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Hat Tip to Our Good Neighbor to the North

Subdeacon Joe

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PILOT moves the helicopter slowly ahead, keeping pace with the ship.
He is about 50 feet above a heaving, rolling deck. He releases a
thin wire messenger. It brings back a heavier wire from the flight
deck. The slack is taken up—it tightens. Slowly the helicopter
descends on its “umbilical cord”. The descent quickens.
As the helicopter touches down, steel jaws grip it.

is this?

they call it — the new haul-down system for landing helicopters
on destroyer escorts.

is it?

flight deck crewman grounds the messenger while the other
prepares to connect the hauldown cable. The Sea King hovers
about 50 feet above the deck. (DNS.33897)

to make possible the landing and securing of heavy helicopters on
destroyer-size ships in rough weather.

project had its beginnings nearly 10 years ago, when the helicopter-destroyer
combination was selected by the Royal Canadian Navy as a promising
antidote to the high-performance nuclear submarine.

start with, the Navy fitted a small, experimental flight deck to
a frigate, HMCS Buckingham. Trials were successfully carried out,
using a Sikorsky HO4S-3 helicopter. The next move was to put a platform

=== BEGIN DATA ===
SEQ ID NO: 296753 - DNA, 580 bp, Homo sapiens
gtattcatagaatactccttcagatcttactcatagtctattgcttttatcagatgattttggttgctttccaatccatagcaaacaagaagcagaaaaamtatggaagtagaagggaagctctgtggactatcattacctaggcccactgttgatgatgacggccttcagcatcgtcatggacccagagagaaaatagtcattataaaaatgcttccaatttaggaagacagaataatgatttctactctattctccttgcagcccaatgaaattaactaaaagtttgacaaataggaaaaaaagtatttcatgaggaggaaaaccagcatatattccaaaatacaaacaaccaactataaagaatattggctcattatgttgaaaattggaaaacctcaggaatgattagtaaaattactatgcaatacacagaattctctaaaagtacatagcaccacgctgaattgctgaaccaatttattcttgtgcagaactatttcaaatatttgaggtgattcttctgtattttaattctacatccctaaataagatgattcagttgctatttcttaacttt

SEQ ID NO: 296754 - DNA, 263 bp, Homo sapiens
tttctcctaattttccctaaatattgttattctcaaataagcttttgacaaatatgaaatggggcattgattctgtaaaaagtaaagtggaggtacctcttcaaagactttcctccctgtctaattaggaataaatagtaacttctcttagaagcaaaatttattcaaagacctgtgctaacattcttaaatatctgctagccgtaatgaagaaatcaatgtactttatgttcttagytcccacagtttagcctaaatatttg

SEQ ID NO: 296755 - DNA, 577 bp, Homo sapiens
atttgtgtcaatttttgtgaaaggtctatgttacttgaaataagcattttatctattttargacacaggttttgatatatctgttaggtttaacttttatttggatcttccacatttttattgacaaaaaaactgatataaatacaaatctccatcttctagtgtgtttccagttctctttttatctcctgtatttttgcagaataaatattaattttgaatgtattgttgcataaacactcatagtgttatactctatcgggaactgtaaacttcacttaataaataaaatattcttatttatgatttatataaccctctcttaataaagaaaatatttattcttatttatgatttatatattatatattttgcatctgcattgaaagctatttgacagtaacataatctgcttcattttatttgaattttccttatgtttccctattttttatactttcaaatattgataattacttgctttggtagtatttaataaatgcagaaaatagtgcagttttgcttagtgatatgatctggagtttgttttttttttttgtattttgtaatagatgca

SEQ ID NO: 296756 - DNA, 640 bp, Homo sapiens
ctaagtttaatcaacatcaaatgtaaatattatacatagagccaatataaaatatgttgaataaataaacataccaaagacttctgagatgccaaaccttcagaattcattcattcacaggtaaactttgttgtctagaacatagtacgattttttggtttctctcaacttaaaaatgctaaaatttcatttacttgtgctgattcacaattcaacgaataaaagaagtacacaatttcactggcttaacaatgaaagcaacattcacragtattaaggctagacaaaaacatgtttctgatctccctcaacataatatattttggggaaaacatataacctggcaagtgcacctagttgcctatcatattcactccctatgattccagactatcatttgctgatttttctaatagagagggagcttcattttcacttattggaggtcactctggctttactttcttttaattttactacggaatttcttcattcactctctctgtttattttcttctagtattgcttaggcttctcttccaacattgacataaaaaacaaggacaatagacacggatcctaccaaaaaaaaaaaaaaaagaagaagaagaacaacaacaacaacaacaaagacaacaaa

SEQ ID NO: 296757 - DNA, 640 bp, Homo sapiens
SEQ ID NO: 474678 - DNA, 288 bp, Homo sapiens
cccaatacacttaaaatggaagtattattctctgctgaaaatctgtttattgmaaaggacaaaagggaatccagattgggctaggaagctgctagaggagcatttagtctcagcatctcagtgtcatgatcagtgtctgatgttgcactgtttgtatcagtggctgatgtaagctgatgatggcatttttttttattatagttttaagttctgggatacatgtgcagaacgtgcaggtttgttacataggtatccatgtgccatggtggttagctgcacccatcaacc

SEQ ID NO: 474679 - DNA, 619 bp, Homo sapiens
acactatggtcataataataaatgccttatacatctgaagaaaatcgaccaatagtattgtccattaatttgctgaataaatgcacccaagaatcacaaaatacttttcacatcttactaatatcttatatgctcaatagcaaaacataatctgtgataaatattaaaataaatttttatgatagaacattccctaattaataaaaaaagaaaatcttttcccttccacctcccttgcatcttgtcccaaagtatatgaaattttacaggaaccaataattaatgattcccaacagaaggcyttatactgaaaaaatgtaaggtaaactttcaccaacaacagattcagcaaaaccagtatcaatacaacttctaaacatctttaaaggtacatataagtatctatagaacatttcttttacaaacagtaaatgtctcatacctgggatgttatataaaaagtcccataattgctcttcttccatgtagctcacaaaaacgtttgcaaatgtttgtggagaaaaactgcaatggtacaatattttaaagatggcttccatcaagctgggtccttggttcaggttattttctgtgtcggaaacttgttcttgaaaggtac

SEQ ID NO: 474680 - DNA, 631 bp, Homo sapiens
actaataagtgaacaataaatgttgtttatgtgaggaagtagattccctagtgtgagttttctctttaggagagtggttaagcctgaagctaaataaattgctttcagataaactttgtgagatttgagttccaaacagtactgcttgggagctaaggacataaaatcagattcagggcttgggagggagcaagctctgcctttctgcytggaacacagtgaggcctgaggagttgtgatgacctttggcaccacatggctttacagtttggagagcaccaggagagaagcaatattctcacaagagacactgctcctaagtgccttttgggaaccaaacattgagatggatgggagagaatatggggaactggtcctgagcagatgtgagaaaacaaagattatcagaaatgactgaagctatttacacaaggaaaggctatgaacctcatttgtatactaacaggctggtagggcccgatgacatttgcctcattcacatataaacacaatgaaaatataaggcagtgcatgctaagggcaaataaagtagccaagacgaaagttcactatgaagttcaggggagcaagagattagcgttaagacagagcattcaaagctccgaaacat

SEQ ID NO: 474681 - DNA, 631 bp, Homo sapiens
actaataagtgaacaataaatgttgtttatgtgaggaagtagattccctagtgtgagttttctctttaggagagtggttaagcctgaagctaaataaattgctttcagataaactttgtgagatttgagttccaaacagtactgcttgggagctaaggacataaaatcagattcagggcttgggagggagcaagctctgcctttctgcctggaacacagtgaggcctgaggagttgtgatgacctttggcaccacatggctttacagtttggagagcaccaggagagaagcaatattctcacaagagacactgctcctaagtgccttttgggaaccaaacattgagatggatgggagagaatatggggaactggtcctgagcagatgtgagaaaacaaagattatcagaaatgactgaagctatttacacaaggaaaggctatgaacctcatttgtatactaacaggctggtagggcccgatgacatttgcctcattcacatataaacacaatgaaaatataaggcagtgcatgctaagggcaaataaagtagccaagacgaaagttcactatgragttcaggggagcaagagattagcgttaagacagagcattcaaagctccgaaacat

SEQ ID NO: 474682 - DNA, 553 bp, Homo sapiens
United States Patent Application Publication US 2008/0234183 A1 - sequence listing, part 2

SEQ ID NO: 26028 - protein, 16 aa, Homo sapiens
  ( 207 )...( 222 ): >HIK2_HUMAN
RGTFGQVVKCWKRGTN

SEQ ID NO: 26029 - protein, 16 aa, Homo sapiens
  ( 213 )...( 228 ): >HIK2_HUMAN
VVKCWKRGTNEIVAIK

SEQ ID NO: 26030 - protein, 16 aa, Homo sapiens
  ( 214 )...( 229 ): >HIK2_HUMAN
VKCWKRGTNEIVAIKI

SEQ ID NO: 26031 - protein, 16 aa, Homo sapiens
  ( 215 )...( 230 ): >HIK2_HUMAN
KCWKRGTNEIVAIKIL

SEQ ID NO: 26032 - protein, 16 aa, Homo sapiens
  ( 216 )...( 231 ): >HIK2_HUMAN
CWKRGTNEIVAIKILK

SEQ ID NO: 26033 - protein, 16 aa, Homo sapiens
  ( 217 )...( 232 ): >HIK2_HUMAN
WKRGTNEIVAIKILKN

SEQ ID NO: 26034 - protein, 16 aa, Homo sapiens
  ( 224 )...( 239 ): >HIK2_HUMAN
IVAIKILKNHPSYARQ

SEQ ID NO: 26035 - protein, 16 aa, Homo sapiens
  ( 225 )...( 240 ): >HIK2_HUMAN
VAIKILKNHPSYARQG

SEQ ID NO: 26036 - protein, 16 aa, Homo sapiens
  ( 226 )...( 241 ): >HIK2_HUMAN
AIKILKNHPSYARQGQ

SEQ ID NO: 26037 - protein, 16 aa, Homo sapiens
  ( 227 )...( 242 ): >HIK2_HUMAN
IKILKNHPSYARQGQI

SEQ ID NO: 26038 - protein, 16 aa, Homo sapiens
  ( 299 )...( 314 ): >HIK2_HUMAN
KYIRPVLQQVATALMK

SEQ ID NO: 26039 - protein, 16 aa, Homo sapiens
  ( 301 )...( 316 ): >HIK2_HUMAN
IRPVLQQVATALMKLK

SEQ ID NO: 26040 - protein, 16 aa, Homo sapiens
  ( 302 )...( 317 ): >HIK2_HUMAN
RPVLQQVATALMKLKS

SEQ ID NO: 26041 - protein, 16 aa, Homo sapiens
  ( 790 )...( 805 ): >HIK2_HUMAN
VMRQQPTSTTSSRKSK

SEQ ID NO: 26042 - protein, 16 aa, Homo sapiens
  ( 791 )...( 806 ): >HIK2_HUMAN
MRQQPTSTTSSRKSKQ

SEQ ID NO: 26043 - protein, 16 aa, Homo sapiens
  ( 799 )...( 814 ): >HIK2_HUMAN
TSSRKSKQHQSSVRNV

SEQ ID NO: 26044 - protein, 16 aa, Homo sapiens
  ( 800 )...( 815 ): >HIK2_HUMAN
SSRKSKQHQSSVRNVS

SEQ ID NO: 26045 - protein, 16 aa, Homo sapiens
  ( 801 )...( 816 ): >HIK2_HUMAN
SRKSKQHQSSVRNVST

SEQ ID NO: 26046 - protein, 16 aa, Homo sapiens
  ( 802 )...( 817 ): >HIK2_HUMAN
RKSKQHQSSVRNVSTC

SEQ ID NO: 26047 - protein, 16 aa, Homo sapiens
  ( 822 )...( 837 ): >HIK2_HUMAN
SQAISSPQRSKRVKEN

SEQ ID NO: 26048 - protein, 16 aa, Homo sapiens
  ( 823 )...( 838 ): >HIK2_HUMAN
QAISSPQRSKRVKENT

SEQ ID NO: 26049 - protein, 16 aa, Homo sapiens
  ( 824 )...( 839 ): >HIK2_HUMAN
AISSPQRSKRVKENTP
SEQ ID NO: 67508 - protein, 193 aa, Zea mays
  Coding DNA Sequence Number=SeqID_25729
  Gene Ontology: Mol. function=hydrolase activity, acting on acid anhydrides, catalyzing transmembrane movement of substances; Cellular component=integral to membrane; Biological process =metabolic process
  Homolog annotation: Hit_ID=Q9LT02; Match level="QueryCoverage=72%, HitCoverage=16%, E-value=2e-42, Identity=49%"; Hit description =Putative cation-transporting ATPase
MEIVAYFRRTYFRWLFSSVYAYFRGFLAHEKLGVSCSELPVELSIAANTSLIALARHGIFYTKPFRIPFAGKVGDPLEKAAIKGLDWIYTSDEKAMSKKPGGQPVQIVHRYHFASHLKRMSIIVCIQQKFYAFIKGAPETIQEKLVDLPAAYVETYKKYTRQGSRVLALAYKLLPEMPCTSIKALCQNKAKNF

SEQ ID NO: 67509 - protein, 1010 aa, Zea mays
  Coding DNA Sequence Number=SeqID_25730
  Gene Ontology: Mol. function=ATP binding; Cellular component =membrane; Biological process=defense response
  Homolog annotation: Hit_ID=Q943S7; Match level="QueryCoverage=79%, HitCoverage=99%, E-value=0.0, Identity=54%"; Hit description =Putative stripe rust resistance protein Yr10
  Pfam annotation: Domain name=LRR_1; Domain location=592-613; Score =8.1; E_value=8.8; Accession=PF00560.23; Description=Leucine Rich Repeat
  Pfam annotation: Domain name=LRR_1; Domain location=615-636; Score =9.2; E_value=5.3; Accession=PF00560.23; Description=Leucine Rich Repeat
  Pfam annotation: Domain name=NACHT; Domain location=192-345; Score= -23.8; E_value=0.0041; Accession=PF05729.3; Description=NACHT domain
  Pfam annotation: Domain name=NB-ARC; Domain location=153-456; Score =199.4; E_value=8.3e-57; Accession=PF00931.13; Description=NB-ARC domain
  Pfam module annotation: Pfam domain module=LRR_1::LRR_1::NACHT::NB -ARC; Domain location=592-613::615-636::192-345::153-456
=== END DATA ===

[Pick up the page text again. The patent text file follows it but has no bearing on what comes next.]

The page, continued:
on the destroyer escort HMCS Ottawa. Further trials were conducted,
using an RCAF Sikorsky S-58. On the basis of the trials, the concept
of operating helicopters from destroyers was recommended and received
approval in principle.

things were needed. One was a helicopter capable of all-weather
day and night operation (the HO4S-3 was not). The other was a system
for handling and securing a helicopter on a small flight deck in
rough seas.

former was found, in the 9.5 ton Sikorsky CHSS-2 Sea King. The landing-handling
problem was solved by the beartrap.

the trials, it was found that landing was not so much a problem
as was the handling of the helicopter after it had landed. Manhandling
was neither quick enough nor certain enough to establish the measure
of control necessary to ensure that, in certain circumstances, the
helicopter will not take charge, and go over the side.

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